“For example, incentives that mimic wholesale revenues can be structured as a bridge that would sunset…” — Joint Utilities

The incentives should have a clear ending date. “For example, incentives that mimic wholesale revenues can be structured as a bridge that would sunset when storage resources providing distribution services can also fully participate in New York,” said the filing from Central Hudson Gas & Electric, Consolidated Edison Company of New York. New York State Electric & Gas, National Grid, Orange and Rockland Utilities and Rochester Gas and Electric.


On the other hand, Sunrun pushed for non-wires alternatives that include residential installation, noting the benefits of aggregating homes that use solar plus storage. The aggregations can help utilities avoid grid infrastructure investments, reduce costs and advance clean energy goals, said Sunrun, which describes itself as the largest residential solar, storage, and energy services company in the country.

Sunrun called for regulators to consider an incentive to help residential customers lower the upfront costs of storage. This incentive should be coupled with “market participation avenues” that compensate storage for providing multiple services, such as demand response and non-wires alternatives.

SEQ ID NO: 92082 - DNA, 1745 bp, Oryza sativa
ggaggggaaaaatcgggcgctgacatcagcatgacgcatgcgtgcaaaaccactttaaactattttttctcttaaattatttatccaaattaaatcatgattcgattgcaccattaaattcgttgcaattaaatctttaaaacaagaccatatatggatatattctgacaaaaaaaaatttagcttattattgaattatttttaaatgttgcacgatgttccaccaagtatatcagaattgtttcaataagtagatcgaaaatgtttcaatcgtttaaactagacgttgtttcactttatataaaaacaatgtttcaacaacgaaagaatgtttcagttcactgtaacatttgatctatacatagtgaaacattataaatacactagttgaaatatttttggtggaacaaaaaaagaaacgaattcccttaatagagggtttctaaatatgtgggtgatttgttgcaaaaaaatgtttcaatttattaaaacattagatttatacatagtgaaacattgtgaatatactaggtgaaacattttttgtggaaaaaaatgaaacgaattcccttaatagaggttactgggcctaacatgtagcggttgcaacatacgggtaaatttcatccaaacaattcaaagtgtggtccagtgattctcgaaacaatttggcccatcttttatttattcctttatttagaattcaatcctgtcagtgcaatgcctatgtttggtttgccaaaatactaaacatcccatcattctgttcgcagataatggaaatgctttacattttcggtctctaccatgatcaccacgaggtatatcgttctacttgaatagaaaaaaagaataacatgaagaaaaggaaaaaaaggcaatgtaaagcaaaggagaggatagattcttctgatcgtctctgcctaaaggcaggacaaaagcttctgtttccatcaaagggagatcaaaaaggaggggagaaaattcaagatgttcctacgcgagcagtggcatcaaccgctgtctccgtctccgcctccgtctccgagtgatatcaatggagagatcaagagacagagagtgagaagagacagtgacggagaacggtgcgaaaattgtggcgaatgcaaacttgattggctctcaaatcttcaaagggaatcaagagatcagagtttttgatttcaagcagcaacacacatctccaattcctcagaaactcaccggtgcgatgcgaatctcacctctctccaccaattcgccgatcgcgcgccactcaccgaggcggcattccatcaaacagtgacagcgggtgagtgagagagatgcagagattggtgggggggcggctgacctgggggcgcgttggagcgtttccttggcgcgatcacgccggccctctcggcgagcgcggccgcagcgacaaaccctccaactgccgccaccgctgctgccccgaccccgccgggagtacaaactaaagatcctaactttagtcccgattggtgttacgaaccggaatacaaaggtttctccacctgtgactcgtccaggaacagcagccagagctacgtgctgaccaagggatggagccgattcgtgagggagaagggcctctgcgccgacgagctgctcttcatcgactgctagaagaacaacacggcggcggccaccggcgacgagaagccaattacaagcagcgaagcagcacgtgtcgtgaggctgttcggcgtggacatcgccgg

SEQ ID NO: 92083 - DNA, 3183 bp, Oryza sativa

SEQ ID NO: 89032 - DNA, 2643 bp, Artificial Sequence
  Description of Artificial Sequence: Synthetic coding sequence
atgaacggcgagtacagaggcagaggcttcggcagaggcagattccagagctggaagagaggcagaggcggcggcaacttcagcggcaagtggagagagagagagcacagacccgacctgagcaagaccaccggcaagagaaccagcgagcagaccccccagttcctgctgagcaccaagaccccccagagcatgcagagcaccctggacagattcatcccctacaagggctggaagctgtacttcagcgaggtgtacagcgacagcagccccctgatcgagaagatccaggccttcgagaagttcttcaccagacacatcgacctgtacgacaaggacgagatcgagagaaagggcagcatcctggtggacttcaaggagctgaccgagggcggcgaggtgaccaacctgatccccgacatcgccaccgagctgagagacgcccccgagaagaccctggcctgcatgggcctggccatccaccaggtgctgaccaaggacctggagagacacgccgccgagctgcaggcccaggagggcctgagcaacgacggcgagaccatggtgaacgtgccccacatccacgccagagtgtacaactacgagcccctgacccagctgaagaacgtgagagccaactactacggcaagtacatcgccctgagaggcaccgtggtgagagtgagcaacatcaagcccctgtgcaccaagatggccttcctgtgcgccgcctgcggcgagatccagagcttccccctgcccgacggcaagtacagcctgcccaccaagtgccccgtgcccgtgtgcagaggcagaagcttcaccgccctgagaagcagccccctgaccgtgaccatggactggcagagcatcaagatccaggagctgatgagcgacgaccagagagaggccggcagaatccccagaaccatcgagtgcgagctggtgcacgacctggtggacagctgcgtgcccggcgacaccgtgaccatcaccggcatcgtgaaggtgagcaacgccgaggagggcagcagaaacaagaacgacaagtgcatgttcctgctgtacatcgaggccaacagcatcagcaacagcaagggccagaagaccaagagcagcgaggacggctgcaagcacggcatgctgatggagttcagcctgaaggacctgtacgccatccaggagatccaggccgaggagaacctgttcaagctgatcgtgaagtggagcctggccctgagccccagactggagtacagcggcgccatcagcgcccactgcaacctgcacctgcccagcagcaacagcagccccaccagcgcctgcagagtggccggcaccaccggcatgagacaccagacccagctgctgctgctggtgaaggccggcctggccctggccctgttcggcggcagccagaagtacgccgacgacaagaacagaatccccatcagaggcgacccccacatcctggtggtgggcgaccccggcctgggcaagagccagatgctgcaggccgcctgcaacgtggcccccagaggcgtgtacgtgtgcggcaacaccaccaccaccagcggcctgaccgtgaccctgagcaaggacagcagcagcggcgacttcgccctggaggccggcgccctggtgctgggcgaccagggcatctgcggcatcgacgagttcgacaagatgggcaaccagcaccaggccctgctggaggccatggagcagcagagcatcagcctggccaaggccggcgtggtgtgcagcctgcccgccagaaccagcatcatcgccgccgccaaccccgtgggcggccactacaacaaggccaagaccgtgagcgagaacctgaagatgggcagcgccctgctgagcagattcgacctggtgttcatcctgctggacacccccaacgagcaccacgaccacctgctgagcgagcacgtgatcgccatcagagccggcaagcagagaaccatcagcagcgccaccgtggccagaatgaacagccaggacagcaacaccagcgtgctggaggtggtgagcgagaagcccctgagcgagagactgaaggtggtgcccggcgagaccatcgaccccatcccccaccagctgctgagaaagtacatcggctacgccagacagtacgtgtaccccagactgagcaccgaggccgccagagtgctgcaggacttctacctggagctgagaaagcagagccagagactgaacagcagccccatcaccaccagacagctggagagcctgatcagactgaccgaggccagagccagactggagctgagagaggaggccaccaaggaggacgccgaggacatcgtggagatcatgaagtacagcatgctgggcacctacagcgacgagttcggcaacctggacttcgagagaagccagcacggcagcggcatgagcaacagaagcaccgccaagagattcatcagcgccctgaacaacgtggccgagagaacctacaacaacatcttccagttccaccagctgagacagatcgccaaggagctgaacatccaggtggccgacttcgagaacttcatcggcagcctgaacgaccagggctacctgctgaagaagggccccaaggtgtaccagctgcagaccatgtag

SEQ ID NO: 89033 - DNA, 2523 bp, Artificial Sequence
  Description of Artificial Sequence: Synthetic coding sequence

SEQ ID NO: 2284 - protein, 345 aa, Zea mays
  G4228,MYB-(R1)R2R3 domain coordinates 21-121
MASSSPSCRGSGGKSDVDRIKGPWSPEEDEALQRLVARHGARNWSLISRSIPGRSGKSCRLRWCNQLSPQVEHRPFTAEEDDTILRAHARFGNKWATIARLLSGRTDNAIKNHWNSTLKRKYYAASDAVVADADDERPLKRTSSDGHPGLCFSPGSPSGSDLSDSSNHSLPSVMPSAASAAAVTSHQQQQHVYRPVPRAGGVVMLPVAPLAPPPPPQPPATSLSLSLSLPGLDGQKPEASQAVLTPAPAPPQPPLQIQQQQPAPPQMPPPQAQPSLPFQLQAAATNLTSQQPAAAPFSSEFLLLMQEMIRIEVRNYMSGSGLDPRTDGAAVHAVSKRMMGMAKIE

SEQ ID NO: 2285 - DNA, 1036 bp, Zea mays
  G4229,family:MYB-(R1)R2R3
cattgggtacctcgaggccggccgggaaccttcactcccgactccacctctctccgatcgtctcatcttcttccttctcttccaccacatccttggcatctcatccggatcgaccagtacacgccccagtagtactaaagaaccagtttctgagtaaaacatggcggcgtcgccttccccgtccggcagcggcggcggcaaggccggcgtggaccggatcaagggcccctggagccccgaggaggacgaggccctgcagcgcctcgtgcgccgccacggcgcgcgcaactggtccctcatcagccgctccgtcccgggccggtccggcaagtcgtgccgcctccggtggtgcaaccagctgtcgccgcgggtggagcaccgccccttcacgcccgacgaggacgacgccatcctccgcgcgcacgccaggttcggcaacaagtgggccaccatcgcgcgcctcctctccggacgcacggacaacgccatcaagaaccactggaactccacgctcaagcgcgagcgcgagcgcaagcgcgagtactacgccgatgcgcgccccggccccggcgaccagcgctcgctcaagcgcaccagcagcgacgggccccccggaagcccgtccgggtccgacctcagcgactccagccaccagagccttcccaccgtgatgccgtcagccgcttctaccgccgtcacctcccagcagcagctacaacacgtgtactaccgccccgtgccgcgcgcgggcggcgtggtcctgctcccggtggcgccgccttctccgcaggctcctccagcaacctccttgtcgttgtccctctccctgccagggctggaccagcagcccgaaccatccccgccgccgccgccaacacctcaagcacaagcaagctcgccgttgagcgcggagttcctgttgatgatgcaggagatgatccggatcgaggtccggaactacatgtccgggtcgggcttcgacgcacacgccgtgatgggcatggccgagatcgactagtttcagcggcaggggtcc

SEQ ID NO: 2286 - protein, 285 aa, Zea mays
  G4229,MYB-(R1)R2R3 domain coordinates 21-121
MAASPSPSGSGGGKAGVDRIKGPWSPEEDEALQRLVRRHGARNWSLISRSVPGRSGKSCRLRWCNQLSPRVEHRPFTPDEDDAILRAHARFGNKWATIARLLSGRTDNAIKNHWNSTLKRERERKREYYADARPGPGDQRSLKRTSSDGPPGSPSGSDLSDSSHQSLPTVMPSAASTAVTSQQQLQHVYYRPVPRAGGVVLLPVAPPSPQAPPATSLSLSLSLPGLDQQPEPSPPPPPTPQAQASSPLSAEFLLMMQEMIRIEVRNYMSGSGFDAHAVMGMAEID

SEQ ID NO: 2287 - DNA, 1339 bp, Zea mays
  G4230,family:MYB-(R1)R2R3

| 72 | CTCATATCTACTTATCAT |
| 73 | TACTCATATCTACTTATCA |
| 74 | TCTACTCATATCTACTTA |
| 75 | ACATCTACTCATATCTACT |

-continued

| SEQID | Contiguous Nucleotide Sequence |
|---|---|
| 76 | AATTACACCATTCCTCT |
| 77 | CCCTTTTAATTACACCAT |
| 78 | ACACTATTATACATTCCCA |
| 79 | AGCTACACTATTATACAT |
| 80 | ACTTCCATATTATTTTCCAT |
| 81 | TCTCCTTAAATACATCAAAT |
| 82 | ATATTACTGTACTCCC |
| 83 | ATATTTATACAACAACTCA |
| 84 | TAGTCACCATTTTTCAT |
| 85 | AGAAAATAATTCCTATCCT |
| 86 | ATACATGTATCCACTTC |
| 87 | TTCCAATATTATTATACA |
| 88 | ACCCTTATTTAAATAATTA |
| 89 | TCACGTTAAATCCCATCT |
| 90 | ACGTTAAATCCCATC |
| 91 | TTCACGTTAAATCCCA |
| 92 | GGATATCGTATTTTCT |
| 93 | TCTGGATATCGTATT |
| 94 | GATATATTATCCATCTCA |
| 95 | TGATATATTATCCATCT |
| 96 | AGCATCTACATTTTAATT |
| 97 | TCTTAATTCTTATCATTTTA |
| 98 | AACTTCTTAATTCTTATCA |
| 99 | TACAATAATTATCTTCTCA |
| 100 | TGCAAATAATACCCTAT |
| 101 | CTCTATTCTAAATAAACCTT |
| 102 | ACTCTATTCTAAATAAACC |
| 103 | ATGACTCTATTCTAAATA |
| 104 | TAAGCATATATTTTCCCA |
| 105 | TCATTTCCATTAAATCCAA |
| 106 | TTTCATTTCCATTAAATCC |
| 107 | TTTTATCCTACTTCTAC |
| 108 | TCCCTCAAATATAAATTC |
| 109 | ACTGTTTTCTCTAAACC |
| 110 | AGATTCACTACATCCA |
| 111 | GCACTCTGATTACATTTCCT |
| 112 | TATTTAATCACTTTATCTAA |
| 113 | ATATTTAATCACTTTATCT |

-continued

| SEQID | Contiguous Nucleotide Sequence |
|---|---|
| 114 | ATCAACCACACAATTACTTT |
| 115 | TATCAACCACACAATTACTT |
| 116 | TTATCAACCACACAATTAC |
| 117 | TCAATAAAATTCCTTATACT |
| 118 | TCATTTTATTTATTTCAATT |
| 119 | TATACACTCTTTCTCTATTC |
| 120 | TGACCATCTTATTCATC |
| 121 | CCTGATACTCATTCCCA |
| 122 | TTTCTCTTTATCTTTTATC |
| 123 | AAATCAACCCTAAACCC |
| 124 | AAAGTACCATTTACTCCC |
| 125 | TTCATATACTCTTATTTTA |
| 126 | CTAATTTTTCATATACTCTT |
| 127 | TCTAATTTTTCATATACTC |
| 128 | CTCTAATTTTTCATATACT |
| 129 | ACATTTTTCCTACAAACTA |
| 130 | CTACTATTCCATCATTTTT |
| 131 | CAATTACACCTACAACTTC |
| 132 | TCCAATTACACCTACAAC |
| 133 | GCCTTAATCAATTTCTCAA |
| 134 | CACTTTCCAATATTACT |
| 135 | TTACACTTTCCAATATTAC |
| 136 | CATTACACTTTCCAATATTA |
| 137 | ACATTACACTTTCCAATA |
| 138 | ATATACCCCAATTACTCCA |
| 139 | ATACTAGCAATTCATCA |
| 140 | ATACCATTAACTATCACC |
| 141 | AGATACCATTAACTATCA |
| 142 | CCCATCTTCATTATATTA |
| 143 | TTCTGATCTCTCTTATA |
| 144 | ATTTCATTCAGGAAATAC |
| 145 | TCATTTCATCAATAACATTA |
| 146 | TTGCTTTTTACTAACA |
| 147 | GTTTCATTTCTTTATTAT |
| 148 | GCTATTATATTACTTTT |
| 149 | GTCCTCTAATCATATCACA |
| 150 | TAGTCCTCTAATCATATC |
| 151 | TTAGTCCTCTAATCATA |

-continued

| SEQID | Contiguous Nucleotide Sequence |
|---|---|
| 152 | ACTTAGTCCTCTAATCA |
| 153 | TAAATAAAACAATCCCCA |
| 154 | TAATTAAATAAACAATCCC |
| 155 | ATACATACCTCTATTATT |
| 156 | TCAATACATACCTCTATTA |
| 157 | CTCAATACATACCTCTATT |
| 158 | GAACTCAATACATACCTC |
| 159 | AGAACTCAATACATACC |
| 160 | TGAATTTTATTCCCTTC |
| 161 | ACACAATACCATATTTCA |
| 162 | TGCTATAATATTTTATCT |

Multiple Intervenors

The New York advocacy organization for about 60 large industrial, commercial and institutional energy consumers says it supports the idea of advancing energy storage, but oppose the $350 million bridge incentive proposed in the energy storage roadmap.

 “…does not support subsidizing energy storage technology on the backs of captive utility customers” — Multiple Intervenors

“Multiple Intervenors does not support subsidizing energy storage technology on the backs of captive utility customers,” the organization said.

The roadmap, however, envisions the incentive decreasing the cost of the 1,500 MW by as much as $200 million. The incentive also would help soft costs fall by up to $50/kWh for a distribution/bulk‐sited system and up to $150/kWh for a commercial site, according to the state Department of Public Service, which created the energy storage roadmap with New York State Energy Research and Development Authority.

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About the Author

Elisa Wood | Editor-in-Chief

Elisa Wood is an award-winning writer and editor who specializes in the energy industry. She is chief editor and co-founder of Microgrid Knowledge and serves as co-host of the publication’s popular conference series. She also co-founded, where she continues to lead a team of energy writers who produce content for energy companies and advocacy organizations.

She has been writing about energy for more than two decades and is published widely. Her work can be found in prominent energy business journals as well as mainstream publications. She has been quoted by NPR, the Wall Street Journal and other notable media outlets.